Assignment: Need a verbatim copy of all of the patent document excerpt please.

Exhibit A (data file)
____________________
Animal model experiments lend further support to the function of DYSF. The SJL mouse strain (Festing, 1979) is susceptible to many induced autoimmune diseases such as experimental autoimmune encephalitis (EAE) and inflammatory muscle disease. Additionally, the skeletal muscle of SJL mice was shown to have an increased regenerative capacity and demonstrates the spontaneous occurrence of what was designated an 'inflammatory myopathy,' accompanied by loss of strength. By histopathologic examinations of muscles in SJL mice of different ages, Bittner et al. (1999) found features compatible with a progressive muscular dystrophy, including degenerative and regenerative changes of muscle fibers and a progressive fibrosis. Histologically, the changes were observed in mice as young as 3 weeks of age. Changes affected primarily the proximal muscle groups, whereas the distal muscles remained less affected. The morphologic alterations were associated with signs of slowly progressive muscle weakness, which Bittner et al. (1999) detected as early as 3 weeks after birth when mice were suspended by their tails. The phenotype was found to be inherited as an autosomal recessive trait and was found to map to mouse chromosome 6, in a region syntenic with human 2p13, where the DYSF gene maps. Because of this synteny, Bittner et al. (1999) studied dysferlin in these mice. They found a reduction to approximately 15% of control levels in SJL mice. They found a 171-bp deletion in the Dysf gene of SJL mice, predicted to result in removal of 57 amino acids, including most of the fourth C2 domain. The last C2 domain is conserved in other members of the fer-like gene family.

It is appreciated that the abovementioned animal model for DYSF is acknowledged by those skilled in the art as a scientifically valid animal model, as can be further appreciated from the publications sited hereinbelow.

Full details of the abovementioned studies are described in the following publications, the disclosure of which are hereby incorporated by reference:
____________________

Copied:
Animal model experiments lend further support to the function of DYSF. The SJL mouse strain (Festing, 1979) is susceptible to many induced autoimmune diseases such as experimental autoimmune encephalitis (EAE) and inflammatory muscle disease. Additionally, the skeletal muscle of SJL mice was shown to have an increased regenerative capacity and demonstrates the spontaneous occurrence of what was designated an 'inflammatory myopathy,' accompanied by loss of strength. By histopathologic examinations of muscles in SJL mice of different ages, Bittner et al. (1999) found features compatible with a progressive muscular dystrophy, including degenerative and regenerative changes of muscle fibers and a progressive fibrosis. Histologically, the changes were observed in mice as young as 3 weeks of age. Changes affected primarily the proximal muscle groups, whereas the distal muscles remained less affected. The morphologic alterations were associated with signs of slowly progressive muscle weakness, which Bittner et al. (1999) detected as early as 3 weeks after birth when mice were suspended by their tails. The phenotype was found to be inherited as an autosomal recessive trait and was found to map to mouse chromosome 6, in a region syntenic with human 2p13, where the DYSF gene maps. Because of this synteny, Bittner et al. (1999) studied dysferlin in these mice. They found a reduction to approximately 15% of control levels in SJL mice. They found a 171-bp deletion in the Dysf gene of SJL mice, predicted to result in removal of 57 amino acids, including most of the fourth C2 domain. The last C2 domain is conserved in other members of the fer-like gene family.

It is appreciated that the abovementioned animal model for DYSF is acknowledged by those skilled in the art as a scientifically valid animal model, as can be further appreciated from the publications sited hereinbelow.

Full details of the abovementioned studies are described in the following publications, the disclosure of which are hereby incorporated by reference: